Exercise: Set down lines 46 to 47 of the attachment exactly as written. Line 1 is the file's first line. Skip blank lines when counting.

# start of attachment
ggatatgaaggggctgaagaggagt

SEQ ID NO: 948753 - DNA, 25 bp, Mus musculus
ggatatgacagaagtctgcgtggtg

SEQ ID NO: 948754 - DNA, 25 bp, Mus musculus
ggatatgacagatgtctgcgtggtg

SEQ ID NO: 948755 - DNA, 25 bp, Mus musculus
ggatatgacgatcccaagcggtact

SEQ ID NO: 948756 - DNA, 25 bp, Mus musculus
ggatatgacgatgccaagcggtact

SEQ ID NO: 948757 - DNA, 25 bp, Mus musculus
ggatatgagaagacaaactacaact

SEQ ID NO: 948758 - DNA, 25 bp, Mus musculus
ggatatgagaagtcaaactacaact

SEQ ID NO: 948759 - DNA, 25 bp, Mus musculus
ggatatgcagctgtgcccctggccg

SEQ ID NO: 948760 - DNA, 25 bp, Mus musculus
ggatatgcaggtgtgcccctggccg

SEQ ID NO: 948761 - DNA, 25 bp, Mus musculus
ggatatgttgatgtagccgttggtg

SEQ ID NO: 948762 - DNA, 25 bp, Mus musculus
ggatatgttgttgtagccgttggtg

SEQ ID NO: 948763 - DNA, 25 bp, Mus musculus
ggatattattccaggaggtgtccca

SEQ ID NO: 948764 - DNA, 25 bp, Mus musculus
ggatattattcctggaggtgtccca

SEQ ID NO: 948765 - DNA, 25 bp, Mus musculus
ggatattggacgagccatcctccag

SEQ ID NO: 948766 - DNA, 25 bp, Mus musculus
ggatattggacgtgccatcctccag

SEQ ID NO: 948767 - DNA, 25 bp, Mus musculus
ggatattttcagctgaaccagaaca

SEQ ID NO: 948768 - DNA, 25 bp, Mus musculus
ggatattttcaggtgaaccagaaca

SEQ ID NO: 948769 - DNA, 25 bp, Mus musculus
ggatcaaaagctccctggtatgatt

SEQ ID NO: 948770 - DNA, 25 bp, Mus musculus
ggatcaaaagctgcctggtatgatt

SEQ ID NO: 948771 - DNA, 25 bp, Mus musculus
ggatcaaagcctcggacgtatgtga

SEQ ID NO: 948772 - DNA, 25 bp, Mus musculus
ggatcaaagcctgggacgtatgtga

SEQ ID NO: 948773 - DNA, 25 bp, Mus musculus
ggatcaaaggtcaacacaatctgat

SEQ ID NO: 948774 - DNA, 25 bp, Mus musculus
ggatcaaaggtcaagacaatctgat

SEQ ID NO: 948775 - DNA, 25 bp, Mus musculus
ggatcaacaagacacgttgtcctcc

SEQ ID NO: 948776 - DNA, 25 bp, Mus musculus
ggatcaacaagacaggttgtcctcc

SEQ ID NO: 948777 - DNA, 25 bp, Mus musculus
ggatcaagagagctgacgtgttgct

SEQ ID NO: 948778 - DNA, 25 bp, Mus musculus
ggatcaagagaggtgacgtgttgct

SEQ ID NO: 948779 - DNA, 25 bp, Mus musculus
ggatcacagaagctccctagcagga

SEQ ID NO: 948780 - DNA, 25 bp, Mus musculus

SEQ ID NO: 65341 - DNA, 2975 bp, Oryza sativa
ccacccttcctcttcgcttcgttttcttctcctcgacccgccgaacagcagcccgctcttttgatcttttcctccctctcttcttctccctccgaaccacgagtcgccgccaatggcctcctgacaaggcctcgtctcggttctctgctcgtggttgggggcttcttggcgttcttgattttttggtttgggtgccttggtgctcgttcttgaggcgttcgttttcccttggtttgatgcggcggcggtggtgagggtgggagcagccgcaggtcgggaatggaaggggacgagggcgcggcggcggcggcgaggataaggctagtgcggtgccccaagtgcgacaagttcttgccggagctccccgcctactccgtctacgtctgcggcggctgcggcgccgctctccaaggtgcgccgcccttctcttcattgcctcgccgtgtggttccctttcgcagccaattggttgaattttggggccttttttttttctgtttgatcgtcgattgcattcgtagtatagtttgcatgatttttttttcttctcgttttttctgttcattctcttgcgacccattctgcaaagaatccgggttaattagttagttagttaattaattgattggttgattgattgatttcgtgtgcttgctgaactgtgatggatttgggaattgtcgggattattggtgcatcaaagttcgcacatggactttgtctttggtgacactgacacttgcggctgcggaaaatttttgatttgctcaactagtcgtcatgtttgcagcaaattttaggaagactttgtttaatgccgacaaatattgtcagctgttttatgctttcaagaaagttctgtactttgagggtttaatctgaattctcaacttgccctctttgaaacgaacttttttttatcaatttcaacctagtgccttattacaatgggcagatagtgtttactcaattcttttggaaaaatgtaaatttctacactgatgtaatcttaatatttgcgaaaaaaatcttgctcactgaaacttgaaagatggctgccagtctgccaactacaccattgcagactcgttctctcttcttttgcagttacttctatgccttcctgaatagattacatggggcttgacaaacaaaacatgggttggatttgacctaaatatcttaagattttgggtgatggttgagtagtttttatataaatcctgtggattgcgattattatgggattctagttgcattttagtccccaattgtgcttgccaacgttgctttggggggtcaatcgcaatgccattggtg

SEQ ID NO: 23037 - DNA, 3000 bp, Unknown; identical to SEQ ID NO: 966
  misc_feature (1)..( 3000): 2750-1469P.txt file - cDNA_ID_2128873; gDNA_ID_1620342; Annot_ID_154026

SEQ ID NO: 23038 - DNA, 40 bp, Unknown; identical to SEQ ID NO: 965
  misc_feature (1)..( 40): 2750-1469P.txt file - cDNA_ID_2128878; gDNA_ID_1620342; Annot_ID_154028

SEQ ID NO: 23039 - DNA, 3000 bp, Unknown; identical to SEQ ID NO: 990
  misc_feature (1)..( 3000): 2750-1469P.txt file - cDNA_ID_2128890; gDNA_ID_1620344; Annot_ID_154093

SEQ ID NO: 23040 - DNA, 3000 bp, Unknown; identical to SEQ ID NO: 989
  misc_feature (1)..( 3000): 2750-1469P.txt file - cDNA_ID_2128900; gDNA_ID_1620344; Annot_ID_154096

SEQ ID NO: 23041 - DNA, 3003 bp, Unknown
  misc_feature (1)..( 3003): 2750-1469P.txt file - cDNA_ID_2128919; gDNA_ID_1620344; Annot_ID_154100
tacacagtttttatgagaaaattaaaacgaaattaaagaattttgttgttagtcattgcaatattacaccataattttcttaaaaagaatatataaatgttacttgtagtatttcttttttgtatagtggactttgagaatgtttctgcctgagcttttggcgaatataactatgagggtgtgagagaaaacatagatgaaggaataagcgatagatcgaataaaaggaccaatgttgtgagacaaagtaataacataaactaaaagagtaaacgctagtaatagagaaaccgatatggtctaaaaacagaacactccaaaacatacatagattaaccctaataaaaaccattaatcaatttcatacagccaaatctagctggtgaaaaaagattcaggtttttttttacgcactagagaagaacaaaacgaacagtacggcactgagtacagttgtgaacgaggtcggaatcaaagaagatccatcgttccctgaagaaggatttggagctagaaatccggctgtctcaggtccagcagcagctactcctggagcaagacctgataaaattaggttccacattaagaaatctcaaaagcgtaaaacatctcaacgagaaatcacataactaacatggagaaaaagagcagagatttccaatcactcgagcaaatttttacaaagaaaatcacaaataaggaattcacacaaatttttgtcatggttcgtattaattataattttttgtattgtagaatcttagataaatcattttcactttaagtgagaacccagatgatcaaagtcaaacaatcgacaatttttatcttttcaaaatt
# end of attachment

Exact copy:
SEQ ID NO: 948775 - DNA, 25 bp, Mus musculus
ggatcaacaagacacgttgtcctcc